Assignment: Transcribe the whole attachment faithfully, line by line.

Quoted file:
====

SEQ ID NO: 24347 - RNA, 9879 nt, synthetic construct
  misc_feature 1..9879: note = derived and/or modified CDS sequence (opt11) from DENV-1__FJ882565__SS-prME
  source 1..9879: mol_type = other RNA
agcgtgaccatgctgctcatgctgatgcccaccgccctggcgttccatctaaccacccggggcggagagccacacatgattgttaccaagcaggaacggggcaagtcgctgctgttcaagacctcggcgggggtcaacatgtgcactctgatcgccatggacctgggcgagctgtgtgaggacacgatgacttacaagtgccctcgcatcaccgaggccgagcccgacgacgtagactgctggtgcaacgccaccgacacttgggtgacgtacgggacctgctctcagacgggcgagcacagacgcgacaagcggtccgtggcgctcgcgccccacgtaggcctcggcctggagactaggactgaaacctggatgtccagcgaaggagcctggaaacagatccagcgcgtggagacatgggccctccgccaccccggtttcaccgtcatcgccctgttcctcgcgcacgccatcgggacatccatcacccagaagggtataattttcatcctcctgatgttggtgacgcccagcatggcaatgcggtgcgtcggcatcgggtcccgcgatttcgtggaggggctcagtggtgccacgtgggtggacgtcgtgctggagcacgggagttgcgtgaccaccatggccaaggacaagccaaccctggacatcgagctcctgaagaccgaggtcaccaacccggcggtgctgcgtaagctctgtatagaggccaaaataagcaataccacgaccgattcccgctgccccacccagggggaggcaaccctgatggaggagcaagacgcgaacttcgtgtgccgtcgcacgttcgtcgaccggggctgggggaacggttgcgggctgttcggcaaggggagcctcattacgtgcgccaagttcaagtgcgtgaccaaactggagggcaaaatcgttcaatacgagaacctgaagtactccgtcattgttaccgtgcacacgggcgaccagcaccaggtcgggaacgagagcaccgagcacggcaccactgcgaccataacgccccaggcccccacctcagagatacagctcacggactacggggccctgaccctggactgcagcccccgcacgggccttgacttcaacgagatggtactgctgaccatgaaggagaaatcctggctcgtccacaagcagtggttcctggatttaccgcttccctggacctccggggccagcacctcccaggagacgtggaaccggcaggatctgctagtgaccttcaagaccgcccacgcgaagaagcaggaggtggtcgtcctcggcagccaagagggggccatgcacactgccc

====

SEQ ID NO: 24347 - RNA, 9879 nt, synthetic construct
  misc_feature 1..9879: note = derived and/or modified CDS sequence (opt11) from DENV-1__FJ882565__SS-prME
  source 1..9879: mol_type = other RNA
agcgtgaccatgctgctcatgctgatgcccaccgccctggcgttccatctaaccacccggggcggagagccacacatgattgttaccaagcaggaacggggcaagtcgctgctgttcaagacctcggcgggggtcaacatgtgcactctgatcgccatggacctgggcgagctgtgtgaggacacgatgacttacaagtgccctcgcatcaccgaggccgagcccgacgacgtagactgctggtgcaacgccaccgacacttgggtgacgtacgggacctgctctcagacgggcgagcacagacgcgacaagcggtccgtggcgctcgcgccccacgtaggcctcggcctggagactaggactgaaacctggatgtccagcgaaggagcctggaaacagatccagcgcgtggagacatgggccctccgccaccccggtttcaccgtcatcgccctgttcctcgcgcacgccatcgggacatccatcacccagaagggtataattttcatcctcctgatgttggtgacgcccagcatggcaatgcggtgcgtcggcatcgggtcccgcgatttcgtggaggggctcagtggtgccacgtgggtggacgtcgtgctggagcacgggagttgcgtgaccaccatggccaaggacaagccaaccctggacatcgagctcctgaagaccgaggtcaccaacccggcggtgctgcgtaagctctgtatagaggccaaaataagcaataccacgaccgattcccgctgccccacccagggggaggcaaccctgatggaggagcaagacgcgaacttcgtgtgccgtcgcacgttcgtcgaccggggctgggggaacggttgcgggctgttcggcaaggggagcctcattacgtgcgccaagttcaagtgcgtgaccaaactggagggcaaaatcgttcaatacgagaacctgaagtactccgtcattgttaccgtgcacacgggcgaccagcaccaggtcgggaacgagagcaccgagcacggcaccactgcgaccataacgccccaggcccccacctcagagatacagctcacggactacggggccctgaccctggactgcagcccccgcacgggccttgacttcaacgagatggtactgctgaccatgaaggagaaatcctggctcgtccacaagcagtggttcctggatttaccgcttccctggacctccggggccagcacctcccaggagacgtggaaccggcaggatctgctagtgaccttcaagaccgcccacgcgaagaagcaggaggtggtcgtcctcggcagccaagagggggccatgcacactgccc